Note that parameter estimation in both IMC and NIMC models is hard due to non-convexity of the corresponding optimization problem. However, for "nice" data, several strong results are known for the linear models, such as [CR09, JNS13, GJZ17] for MC and [JD13, XJZ13, CHD15] for IMC. However, non-linearity in NIMC models adds to the complexity of an already challenging problem and has not been studied extensively, despite its popularity in practice.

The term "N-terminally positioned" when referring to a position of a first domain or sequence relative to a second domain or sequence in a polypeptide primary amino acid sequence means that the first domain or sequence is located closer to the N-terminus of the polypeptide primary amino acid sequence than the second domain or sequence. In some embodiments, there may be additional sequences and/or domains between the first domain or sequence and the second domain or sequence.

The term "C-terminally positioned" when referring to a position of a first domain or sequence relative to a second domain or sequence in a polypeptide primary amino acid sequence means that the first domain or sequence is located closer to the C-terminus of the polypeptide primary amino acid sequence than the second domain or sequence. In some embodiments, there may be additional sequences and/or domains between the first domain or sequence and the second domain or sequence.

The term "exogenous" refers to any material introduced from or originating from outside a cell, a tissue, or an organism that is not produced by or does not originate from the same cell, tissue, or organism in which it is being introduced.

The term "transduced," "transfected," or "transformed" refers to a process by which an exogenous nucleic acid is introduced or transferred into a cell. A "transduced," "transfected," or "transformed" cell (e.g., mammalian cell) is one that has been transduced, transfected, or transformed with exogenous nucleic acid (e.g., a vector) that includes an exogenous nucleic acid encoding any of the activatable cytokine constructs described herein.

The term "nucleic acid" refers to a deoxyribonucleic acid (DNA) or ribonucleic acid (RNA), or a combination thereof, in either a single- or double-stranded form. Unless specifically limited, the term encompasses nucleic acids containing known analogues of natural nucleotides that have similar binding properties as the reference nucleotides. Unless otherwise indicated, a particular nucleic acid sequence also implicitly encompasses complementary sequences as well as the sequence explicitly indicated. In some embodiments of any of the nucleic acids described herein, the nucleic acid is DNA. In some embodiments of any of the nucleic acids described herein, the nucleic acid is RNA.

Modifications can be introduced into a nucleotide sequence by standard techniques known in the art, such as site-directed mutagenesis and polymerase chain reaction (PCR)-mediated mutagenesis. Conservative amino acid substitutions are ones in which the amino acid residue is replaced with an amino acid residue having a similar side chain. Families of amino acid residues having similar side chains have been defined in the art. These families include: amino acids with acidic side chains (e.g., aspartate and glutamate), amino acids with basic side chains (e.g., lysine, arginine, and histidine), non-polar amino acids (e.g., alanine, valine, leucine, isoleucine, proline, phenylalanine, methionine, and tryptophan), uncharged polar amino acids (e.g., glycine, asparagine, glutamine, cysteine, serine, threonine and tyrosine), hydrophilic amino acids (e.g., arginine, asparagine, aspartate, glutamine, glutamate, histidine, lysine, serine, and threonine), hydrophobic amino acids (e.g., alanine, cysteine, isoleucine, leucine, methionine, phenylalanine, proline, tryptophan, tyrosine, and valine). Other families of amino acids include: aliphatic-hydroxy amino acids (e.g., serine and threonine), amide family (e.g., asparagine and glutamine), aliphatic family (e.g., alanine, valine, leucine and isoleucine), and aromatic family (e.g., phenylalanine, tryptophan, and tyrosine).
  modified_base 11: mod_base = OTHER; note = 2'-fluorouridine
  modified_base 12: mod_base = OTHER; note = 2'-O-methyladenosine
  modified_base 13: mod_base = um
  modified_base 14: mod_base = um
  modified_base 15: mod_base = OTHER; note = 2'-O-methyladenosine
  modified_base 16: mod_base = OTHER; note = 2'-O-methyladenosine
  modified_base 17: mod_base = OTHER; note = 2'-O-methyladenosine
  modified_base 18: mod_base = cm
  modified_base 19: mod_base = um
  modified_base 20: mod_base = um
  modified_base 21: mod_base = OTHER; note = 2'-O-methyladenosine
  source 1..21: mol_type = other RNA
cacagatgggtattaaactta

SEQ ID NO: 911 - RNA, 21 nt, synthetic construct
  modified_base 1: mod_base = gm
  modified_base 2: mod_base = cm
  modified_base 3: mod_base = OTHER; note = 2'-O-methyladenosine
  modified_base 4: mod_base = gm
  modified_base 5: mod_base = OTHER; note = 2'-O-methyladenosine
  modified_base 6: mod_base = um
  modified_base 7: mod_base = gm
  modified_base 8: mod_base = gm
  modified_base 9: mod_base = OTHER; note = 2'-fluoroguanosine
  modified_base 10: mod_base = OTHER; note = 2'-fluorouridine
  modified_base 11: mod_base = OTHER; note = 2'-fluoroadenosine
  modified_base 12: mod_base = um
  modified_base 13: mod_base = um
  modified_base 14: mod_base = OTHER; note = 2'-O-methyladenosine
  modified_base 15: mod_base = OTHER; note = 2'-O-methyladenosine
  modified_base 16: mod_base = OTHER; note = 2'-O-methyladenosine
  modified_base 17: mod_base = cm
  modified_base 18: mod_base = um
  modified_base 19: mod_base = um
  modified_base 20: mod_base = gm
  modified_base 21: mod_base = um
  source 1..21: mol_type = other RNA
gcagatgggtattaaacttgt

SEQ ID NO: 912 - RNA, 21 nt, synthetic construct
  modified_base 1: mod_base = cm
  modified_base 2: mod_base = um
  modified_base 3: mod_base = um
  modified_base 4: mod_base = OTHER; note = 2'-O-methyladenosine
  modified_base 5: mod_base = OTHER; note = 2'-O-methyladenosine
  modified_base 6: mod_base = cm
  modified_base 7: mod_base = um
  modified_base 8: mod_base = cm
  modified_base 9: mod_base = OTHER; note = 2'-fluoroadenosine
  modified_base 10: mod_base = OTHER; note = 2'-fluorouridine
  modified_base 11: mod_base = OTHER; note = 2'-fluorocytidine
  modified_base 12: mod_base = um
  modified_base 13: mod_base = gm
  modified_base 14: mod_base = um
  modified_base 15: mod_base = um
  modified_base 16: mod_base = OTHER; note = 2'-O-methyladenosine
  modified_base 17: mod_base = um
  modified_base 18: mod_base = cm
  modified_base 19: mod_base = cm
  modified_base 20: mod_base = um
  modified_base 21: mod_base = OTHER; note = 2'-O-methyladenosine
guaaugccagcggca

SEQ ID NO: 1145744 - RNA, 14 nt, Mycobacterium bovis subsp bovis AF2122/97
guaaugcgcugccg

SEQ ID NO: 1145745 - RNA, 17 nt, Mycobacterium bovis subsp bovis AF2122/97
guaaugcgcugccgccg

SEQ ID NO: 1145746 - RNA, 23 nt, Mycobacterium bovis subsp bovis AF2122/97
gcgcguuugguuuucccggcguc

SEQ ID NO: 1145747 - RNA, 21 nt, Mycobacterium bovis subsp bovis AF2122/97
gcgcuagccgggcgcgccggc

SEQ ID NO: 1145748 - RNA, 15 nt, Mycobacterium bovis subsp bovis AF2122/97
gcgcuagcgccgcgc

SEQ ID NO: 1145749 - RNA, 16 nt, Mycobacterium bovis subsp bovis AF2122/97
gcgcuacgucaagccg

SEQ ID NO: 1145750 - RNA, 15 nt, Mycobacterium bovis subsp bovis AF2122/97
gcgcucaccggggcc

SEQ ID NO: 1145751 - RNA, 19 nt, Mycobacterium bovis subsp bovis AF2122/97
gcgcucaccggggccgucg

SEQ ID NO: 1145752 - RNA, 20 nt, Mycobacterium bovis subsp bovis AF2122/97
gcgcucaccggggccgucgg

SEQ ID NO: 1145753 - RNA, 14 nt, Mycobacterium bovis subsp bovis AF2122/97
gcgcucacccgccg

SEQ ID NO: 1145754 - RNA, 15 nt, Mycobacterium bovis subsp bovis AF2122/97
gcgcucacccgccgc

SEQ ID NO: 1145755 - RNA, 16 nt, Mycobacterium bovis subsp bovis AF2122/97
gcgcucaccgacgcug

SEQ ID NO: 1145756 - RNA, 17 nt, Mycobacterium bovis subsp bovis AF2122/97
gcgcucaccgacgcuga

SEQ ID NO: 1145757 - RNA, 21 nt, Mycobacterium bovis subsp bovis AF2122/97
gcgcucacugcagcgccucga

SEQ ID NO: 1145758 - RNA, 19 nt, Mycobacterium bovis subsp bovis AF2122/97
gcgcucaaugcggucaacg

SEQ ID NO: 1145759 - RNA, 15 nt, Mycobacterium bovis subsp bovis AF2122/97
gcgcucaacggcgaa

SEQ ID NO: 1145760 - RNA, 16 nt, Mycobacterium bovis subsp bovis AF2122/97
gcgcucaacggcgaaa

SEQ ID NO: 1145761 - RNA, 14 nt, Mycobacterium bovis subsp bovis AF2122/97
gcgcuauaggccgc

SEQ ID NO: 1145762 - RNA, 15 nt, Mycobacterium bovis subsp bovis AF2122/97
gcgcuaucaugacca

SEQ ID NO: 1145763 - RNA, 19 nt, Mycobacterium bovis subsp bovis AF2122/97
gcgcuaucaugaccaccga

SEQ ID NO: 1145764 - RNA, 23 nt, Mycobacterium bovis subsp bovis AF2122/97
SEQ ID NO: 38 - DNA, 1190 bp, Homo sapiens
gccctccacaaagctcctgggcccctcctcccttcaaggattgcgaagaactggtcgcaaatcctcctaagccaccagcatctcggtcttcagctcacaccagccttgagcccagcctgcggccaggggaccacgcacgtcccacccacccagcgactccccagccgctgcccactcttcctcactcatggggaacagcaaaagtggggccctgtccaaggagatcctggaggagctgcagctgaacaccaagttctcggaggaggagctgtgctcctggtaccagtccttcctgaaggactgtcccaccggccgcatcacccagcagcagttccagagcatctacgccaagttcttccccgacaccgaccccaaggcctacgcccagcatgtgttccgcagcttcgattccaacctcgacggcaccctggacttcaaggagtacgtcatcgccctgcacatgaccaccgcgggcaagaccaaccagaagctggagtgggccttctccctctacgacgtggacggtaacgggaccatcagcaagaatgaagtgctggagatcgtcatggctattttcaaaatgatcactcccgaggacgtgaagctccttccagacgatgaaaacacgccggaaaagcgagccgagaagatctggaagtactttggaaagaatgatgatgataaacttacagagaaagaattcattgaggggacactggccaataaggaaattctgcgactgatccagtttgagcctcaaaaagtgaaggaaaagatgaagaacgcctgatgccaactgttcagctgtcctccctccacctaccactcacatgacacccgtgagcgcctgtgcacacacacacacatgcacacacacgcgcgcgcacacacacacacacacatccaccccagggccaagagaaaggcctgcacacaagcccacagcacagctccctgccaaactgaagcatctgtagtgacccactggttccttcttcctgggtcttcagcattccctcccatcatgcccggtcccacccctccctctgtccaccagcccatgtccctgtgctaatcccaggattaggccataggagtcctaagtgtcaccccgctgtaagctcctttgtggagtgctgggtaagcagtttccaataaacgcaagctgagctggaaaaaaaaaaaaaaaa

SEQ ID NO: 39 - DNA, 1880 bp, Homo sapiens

In this paper, we study a simple one-layer neural network style NIMC model mentioned above. In particular, we formulate a squared-loss based optimization problem for estimating parameters and . We show that under a realizable model and Gaussian input assumption, the objective function is locally strongly convex within a "reasonably large" neighborhood of the ground truth. Moreover, we show that the above strong convexity claim holds even if the number of observed ratings is nearly-linear in dimension and polynomial in the conditioning of the weight matrices. In particular, for well-conditioned matrices, we can recover the underlying parameters using only user-item ratings, which is critical for practical recommendation systems as they tend to have very few ratings available per user. Our analysis covers popular activation functions, e.g., sigmoid and ReLU, and discuss various subtleties that arise due to the activation function. Finally we discuss how we can leverage standard tensor decomposition techniques to initialize our parameters well. We would like to stress that practitioners typically use random initialization itself, and hence results studying random initialization for NIMC model would be of significant interest.